Margot Glass draws with 14 karat gold and graphite (appearing silver) not only for the delicacy of line the metal point provides, but also for the allure of using semiprecious and precious metals as a drawing material. Working on a dark ground allows the gleam and luster and delicate reflective silver and gold properties of the metallic medium to present as high tones against the black ground. Glass is interested in the tradition of using nature as idealized ornament in art and design while seeking to observe and represent creatures and plants as accurately as possible in all their irregularity and imperfection. The metallic lines enhance the decorative qualities of the filigree patterns formed by the transparency of an insect wing and leaf veining. Her compositions are tightly cropped to bring the subject as close to the edge of the picture plane as possible.
After attending Art Students’ League of New York, New York, NY, Glass earned a BA with Honors from Brown University through Brown/RISD Exchange Program, Brown University and Rhode Island School of Design, Providence, RI and went on to study Surface Design at Fashion Institute of Technology, New York, NY. Glass’s work has been exhibited widely in the United States as well as in Italy and Spain. The artist lives and works in Massachusetts.
David Konigsberg’s new work focuses on the most visceral places where nature and humanity meet, conflict with, and accommodate one another. As always, Konigsberg’s works bridge the divide between art and real life in semi-narrative paintings that are both objective and conceptual. His work occupies a netherworld of image and memory in his very personal narratives, which are not meant to be deciphered but experienced as emotional possibilities. For this exhibition he produced and series of monochromatic monotypes on paper mounted on panel. The forms of moths and beetles are reduced to lines that aptly describe the strength and fragility of these creatures.
Konigsberg’s work has been exhibited throughout the United States and has been featured in the New York Times, Chronogram, Wall Street International, and Brooklyn Journal as well as numerous art and culture blogs. David Konigsberg lives and works in Hudson, New York.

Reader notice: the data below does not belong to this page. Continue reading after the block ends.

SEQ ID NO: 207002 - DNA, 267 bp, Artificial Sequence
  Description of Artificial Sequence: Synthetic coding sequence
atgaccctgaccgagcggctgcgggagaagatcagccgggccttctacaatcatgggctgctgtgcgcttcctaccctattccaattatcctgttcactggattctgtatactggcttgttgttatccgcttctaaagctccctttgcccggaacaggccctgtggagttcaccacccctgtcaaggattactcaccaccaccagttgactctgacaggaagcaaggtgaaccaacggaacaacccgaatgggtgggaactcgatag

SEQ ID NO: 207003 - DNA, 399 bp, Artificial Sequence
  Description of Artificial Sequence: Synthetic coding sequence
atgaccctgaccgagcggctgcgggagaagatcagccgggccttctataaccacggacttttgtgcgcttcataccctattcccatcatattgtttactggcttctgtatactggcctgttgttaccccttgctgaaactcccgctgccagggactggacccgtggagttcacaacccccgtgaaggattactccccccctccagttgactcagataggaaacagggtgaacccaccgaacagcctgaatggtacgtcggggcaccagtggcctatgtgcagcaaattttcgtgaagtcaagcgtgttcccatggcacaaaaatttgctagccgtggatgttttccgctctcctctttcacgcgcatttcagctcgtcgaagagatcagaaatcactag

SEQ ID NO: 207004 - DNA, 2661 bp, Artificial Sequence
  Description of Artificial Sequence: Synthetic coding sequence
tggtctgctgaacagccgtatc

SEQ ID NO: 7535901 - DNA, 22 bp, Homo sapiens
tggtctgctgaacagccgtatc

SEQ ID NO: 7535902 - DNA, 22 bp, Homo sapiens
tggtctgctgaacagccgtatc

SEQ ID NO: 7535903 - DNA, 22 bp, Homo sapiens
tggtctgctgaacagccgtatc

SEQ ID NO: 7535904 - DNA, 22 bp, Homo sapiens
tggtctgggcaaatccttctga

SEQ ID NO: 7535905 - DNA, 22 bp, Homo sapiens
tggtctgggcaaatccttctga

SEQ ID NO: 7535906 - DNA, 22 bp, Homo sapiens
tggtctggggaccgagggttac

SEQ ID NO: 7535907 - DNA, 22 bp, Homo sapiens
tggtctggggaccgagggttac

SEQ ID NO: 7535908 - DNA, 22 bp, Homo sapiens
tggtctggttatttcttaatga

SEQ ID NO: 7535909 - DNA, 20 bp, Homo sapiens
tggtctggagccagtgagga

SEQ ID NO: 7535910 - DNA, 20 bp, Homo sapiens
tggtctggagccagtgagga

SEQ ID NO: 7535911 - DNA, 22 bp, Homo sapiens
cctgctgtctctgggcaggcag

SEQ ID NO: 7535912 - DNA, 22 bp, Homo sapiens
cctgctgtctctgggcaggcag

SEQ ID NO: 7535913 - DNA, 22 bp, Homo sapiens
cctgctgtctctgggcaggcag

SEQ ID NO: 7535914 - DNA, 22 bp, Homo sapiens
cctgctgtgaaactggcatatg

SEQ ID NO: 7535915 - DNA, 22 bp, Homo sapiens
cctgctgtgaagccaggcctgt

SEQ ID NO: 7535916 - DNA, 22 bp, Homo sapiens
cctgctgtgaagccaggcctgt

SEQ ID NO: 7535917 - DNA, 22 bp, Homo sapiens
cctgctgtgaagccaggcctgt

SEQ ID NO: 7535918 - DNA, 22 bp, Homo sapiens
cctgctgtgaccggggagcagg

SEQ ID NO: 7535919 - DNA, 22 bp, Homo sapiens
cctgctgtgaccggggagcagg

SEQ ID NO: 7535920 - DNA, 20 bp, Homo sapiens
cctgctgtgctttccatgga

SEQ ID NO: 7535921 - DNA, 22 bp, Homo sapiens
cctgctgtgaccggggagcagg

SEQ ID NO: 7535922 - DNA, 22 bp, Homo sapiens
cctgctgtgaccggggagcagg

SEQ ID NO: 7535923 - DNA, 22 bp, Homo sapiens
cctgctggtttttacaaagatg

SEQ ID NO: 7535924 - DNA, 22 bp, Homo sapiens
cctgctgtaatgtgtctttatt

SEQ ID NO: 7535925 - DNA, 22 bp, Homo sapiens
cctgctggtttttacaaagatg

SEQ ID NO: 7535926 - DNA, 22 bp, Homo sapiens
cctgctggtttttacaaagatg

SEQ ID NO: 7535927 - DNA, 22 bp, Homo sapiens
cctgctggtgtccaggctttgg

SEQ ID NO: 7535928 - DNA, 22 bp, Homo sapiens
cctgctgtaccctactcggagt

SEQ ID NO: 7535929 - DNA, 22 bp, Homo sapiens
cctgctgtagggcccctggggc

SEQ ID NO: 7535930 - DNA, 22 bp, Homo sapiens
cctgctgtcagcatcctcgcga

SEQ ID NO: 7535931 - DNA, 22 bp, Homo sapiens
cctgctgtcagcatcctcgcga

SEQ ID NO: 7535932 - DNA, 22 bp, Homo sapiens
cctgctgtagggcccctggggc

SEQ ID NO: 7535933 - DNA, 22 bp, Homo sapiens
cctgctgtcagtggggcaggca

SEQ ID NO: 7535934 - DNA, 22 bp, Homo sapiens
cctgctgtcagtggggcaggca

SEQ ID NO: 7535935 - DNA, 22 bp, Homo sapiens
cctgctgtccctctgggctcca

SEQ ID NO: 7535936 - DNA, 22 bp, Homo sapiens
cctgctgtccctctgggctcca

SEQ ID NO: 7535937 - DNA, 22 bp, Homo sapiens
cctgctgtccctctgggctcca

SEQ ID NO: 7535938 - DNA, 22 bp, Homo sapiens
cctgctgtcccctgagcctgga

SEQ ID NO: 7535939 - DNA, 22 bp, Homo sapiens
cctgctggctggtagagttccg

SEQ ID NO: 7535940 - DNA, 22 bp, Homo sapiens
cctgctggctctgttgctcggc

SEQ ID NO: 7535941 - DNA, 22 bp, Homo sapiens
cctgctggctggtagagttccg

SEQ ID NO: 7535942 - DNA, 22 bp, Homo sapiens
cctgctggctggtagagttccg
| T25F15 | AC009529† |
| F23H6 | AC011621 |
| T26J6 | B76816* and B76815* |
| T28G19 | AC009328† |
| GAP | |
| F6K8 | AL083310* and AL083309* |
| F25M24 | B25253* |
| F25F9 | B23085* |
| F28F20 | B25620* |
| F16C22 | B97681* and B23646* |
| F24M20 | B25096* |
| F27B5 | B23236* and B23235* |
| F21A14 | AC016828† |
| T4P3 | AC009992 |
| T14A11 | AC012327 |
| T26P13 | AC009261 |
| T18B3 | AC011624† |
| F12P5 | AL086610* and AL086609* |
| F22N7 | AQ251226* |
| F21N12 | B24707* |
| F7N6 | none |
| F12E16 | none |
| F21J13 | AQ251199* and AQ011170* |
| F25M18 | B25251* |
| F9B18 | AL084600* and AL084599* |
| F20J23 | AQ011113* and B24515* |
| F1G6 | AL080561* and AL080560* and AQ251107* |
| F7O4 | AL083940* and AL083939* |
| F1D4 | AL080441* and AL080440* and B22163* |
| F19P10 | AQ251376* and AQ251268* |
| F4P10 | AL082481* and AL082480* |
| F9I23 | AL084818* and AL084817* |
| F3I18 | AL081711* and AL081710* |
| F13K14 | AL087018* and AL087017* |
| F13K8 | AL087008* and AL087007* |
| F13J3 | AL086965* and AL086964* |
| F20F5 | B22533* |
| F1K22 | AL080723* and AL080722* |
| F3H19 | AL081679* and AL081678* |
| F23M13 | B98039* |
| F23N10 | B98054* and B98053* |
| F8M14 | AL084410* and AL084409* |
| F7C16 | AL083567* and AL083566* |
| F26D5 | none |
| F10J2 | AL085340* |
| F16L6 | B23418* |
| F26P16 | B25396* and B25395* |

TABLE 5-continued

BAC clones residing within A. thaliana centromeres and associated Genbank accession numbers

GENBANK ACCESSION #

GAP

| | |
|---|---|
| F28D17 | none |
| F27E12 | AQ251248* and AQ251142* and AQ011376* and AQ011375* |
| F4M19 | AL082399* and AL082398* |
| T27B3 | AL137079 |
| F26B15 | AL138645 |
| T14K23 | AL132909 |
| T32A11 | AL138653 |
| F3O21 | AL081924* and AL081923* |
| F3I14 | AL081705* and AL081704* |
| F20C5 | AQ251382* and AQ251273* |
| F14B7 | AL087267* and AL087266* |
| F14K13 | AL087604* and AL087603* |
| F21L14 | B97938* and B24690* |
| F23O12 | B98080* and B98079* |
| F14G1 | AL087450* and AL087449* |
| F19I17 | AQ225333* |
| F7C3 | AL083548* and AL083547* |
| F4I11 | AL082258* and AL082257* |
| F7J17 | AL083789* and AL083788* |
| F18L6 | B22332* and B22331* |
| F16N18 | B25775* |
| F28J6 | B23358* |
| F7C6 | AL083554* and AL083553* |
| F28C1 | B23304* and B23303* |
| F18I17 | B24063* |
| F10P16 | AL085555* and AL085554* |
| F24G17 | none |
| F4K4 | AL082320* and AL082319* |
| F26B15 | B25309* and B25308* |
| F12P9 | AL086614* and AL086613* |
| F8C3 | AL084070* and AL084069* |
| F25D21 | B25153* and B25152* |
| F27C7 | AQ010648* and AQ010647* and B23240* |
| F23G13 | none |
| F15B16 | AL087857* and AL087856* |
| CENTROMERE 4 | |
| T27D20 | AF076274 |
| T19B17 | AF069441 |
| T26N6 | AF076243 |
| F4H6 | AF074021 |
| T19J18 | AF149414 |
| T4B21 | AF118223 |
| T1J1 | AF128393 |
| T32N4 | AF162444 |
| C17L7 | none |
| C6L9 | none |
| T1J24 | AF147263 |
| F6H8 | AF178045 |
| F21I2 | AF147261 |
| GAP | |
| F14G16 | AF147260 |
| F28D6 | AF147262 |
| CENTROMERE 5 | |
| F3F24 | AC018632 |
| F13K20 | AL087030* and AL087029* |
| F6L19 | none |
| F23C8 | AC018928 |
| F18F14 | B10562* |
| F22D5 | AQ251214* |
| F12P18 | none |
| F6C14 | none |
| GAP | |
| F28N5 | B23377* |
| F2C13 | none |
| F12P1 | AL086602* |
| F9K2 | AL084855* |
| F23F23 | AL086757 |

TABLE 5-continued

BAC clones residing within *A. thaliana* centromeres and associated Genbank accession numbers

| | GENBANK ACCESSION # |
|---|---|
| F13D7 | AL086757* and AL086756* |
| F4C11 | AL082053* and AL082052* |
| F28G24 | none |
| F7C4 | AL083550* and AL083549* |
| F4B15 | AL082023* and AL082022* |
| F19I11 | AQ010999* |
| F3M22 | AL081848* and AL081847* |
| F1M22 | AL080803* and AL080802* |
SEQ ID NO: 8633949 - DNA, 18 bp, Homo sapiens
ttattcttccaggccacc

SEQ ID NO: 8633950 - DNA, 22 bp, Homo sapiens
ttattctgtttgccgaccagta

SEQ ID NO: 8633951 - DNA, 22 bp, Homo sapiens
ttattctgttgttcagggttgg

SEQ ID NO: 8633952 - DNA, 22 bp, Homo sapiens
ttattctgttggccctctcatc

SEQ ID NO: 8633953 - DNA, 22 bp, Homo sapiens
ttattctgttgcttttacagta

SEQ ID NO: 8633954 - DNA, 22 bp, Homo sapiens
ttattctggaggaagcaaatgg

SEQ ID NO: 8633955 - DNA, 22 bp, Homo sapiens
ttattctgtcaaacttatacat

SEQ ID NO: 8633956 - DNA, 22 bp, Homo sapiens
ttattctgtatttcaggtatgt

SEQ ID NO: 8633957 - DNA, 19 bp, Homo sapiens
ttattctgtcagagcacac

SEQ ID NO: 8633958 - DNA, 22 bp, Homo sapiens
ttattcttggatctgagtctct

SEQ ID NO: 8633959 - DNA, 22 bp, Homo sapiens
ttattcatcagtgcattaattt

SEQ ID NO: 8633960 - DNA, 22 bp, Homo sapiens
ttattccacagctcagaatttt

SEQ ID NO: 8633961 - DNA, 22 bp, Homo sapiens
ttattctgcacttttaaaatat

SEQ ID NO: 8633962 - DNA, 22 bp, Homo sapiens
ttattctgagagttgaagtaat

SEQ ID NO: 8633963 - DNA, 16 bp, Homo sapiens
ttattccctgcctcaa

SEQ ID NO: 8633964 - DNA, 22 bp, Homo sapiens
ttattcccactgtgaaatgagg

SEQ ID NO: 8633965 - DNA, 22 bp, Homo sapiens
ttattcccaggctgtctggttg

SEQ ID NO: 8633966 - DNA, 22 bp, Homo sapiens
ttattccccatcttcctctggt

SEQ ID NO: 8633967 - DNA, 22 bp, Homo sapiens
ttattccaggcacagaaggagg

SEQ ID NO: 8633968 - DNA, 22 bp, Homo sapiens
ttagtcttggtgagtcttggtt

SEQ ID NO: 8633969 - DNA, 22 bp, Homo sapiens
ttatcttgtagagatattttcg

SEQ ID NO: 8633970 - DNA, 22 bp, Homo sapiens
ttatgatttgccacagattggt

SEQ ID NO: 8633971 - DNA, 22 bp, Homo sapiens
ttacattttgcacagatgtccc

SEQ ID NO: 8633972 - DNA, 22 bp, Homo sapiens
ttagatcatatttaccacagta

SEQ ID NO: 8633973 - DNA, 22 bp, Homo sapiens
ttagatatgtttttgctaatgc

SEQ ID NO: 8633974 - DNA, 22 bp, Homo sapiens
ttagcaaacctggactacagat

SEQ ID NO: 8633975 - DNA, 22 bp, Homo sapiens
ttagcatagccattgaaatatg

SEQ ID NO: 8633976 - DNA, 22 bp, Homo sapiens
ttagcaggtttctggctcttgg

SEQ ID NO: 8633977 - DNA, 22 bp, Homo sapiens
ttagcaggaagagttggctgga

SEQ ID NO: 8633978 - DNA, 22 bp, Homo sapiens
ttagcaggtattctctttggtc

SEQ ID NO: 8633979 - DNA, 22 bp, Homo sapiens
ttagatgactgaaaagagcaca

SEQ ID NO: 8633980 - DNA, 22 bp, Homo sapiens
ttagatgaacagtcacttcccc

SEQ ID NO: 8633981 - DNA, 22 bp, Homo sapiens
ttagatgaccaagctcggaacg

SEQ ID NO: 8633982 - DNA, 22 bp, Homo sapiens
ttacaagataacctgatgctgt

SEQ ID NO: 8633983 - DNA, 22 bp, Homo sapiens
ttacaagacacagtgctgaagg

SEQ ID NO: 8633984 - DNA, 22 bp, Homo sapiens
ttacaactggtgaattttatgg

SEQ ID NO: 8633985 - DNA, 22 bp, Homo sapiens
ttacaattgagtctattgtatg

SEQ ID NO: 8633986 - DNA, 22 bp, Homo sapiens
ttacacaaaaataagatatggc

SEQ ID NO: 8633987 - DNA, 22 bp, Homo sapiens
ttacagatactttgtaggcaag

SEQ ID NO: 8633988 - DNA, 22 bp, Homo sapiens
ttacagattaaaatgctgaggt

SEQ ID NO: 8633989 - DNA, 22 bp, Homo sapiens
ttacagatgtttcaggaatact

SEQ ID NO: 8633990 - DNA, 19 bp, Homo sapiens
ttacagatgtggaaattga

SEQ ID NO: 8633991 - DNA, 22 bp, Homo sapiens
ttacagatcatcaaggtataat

Careful observation of the natural world, boundless curiosity and patient dedication to craft are manifest in Catherine Latson’s fantastical new creature/object sculptures. Latson, who has a degree in biology, is inspired by the complexities of organization in living organisms. The Specimen Series explores forms that blur the lines between animal and plant, realism and fantasy, sculpture and specimen. Radial symmetry and tentacle structures are common denominators in the mysterious variety of forms in Latson’s newest work. Each wall sculpture describes a hybridized and imagined organism in arrested motion. While materials are simple (cotton embroidery floss and wire), construction is complex, entailing thousands of pieces and countless hours of whipping and knotting. Each piece aims to reimagine the gracefulness, mystery, and complexity of an organism in motion. For the artist, nature is the text and her full-fledged collaborator. Latson’s intricate “specimens” are framed in acrylic shadow box frames, further amplifying the illusion of a creature being isolated for closer observation and timeless study.
Catherine Latson earned a BA in Biology from Macalester College, St Paul, MN. Her work has been exhibited throughout the United States, including at The Hudson River Museum, Yonkers, NY, and in the Macy’s Flower Shows in Philadelphia, PA and New York, NY and has been featured in the American Craft Magazine and The New York Times. The artist’s studio is in Yonkers, NY.